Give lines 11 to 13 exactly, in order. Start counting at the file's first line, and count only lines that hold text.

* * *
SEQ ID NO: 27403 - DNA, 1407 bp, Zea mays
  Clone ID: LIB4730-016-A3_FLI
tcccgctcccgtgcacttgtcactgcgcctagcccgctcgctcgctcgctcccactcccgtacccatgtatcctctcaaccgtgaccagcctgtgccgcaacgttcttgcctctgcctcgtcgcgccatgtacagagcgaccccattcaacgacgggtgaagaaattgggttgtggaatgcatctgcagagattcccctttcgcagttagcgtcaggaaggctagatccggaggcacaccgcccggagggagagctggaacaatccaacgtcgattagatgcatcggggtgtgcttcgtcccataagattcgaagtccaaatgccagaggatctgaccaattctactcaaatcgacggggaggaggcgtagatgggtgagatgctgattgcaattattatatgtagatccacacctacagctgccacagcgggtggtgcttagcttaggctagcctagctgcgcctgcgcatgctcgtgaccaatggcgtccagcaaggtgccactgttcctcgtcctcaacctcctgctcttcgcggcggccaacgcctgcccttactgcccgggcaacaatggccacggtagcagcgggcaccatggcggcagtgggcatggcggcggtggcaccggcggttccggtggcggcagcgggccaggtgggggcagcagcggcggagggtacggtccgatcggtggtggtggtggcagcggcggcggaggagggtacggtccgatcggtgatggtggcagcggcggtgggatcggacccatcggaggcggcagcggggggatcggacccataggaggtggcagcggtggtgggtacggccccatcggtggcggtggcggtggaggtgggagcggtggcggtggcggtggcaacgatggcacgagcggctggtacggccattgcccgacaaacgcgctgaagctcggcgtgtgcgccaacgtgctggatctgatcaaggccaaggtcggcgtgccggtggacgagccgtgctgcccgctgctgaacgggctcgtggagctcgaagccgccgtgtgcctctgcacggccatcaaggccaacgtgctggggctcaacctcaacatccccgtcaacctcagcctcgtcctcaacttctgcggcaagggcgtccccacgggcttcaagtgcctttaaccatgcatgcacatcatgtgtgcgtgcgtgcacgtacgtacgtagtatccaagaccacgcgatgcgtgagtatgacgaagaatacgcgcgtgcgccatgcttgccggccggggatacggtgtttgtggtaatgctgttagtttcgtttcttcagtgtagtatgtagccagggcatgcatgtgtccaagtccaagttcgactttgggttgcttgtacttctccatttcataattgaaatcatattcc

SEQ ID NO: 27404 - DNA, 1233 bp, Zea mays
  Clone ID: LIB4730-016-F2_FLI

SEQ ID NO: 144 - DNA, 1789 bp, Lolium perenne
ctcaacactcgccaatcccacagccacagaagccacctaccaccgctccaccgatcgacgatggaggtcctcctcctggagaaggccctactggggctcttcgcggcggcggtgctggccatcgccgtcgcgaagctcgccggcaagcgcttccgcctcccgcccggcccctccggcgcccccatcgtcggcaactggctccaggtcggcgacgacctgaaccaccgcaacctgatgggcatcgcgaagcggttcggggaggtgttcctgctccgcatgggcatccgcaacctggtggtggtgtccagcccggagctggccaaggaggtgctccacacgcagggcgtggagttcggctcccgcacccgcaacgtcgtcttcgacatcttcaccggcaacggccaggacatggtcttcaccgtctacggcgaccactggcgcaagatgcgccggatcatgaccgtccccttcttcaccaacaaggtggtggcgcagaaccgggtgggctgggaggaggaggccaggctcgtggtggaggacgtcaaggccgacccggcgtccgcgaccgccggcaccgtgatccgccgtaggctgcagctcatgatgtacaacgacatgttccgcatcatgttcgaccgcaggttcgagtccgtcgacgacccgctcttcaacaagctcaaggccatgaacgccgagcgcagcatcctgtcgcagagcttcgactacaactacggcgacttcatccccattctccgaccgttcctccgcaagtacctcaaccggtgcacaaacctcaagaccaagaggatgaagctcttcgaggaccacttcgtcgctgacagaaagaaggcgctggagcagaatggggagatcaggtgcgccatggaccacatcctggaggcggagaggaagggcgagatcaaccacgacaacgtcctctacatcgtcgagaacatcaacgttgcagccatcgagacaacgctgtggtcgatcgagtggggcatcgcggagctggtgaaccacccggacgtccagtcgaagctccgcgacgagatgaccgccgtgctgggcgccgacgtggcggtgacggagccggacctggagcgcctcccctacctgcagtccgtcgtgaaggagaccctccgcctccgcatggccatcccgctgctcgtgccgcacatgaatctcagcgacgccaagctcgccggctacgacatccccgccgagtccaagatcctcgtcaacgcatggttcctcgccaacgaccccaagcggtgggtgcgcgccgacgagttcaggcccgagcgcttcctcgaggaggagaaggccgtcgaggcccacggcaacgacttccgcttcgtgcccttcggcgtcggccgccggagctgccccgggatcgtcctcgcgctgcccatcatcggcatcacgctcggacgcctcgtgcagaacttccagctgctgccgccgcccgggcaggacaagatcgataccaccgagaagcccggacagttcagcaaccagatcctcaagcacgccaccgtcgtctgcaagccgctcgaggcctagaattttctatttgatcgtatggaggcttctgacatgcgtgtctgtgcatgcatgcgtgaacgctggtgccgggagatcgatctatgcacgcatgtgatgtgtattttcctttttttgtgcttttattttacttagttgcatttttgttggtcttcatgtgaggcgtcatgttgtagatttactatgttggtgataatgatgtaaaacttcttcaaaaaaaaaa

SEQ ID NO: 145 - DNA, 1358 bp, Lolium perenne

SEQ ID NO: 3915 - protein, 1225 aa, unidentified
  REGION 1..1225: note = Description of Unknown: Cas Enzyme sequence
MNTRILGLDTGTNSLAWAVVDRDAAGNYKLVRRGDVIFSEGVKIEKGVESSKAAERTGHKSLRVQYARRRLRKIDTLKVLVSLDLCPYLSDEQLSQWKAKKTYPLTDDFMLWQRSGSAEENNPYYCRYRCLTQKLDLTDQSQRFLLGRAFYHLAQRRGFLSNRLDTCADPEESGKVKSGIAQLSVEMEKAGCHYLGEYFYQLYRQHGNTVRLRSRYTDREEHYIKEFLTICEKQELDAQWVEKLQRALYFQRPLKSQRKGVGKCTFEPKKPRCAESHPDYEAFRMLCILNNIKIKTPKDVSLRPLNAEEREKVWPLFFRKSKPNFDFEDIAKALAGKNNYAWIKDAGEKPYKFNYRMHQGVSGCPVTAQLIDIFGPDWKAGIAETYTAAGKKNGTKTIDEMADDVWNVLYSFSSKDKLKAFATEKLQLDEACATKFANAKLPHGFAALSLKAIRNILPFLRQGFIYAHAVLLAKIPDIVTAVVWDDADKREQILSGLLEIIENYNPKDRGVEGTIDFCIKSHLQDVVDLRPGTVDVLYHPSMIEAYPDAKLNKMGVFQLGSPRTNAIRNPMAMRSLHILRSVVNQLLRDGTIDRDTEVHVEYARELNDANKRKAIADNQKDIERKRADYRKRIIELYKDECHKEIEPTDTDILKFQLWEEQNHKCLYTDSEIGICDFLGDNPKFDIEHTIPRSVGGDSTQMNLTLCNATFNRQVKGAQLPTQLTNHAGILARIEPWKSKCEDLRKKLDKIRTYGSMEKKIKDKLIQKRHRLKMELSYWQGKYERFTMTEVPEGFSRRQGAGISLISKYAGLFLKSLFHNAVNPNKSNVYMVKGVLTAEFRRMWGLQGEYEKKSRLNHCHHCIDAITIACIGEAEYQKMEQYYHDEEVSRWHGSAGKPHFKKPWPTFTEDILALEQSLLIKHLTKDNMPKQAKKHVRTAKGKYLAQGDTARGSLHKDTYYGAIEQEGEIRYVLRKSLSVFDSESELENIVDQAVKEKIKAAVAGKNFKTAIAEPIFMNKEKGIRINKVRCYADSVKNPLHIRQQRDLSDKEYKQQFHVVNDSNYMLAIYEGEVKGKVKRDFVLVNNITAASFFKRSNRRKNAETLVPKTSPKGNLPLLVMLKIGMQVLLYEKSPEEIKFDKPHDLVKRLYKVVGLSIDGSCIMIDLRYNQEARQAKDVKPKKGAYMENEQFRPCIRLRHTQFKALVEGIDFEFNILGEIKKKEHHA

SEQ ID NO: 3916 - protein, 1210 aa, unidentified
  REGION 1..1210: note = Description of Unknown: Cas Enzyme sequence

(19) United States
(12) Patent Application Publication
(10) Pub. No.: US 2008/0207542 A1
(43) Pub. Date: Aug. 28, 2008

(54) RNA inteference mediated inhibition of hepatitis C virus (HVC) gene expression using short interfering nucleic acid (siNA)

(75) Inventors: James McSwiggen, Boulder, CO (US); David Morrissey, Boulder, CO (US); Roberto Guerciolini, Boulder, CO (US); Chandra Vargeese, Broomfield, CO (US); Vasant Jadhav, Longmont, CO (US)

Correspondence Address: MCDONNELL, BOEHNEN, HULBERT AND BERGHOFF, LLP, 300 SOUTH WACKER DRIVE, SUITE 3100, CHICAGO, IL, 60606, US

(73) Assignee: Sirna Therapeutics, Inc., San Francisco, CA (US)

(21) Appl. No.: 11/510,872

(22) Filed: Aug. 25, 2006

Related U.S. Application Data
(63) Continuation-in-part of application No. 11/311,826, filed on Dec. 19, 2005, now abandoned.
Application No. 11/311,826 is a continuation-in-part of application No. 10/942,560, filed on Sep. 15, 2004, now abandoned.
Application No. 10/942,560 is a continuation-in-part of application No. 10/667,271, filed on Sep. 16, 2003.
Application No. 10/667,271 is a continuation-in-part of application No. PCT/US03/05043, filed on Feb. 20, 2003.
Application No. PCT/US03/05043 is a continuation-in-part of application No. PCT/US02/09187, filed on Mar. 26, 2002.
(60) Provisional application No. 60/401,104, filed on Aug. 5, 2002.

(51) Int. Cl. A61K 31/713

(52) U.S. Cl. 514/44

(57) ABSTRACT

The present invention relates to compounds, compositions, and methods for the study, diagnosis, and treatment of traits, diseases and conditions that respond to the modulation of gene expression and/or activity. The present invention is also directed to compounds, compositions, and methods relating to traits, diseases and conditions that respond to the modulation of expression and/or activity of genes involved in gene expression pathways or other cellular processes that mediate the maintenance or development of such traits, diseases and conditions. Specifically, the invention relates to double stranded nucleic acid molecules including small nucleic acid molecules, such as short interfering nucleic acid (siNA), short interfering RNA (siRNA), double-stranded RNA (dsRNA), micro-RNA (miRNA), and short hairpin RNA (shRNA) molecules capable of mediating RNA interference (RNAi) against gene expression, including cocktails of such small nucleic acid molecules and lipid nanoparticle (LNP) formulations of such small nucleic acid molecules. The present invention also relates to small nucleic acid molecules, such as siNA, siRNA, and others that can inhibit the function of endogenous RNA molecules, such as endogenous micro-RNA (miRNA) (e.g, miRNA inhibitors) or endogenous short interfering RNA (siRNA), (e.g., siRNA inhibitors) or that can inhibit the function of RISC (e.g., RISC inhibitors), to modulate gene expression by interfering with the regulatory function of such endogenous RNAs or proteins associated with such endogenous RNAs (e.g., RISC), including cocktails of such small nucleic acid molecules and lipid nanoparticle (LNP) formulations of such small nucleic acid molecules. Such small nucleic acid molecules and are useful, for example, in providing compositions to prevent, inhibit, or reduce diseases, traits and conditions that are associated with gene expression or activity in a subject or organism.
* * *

MNTRILGLDTGTNSLAWAVVDRDAAGNYKLVRRGDVIFSEGVKIEKGVESSKAAERTGHKSLRVQYARRRLRKIDTLKVLVSLDLCPYLSDEQLSQWKAKKTYPLTDDFMLWQRSGSAEENNPYYCRYRCLTQKLDLTDQSQRFLLGRAFYHLAQRRGFLSNRLDTCADPEESGKVKSGIAQLSVEMEKAGCHYLGEYFYQLYRQHGNTVRLRSRYTDREEHYIKEFLTICEKQELDAQWVEKLQRALYFQRPLKSQRKGVGKCTFEPKKPRCAESHPDYEAFRMLCILNNIKIKTPKDVSLRPLNAEEREKVWPLFFRKSKPNFDFEDIAKALAGKNNYAWIKDAGEKPYKFNYRMHQGVSGCPVTAQLIDIFGPDWKAGIAETYTAAGKKNGTKTIDEMADDVWNVLYSFSSKDKLKAFATEKLQLDEACATKFANAKLPHGFAALSLKAIRNILPFLRQGFIYAHAVLLAKIPDIVTAVVWDDADKREQILSGLLEIIENYNPKDRGVEGTIDFCIKSHLQDVVDLRPGTVDVLYHPSMIEAYPDAKLNKMGVFQLGSPRTNAIRNPMAMRSLHILRSVVNQLLRDGTIDRDTEVHVEYARELNDANKRKAIADNQKDIERKRADYRKRIIELYKDECHKEIEPTDTDILKFQLWEEQNHKCLYTDSEIGICDFLGDNPKFDIEHTIPRSVGGDSTQMNLTLCNATFNRQVKGAQLPTQLTNHAGILARIEPWKSKCEDLRKKLDKIRTYGSMEKKIKDKLIQKRHRLKMELSYWQGKYERFTMTEVPEGFSRRQGAGISLISKYAGLFLKSLFHNAVNPNKSNVYMVKGVLTAEFRRMWGLQGEYEKKSRLNHCHHCIDAITIACIGEAEYQKMEQYYHDEEVSRWHGSAGKPHFKKPWPTFTEDILALEQSLLIKHLTKDNMPKQAKKHVRTAKGKYLAQGDTARGSLHKDTYYGAIEQEGEIRYVLRKSLSVFDSESELENIVDQAVKEKIKAAVAGKNFKTAIAEPIFMNKEKGIRINKVRCYADSVKNPLHIRQQRDLSDKEYKQQFHVVNDSNYMLAIYEGEVKGKVKRDFVLVNNITAASFFKRSNRRKNAETLVPKTSPKGNLPLLVMLKIGMQVLLYEKSPEEIKFDKPHDLVKRLYKVVGLSIDGSCIMIDLRYNQEARQAKDVKPKKGAYMENEQFRPCIRLRHTQFKALVEGIDFEFNILGEIKKKEHHA

SEQ ID NO: 3916 - protein, 1210 aa, unidentified
  REGION 1..1210: note = Description of Unknown: Cas Enzyme sequence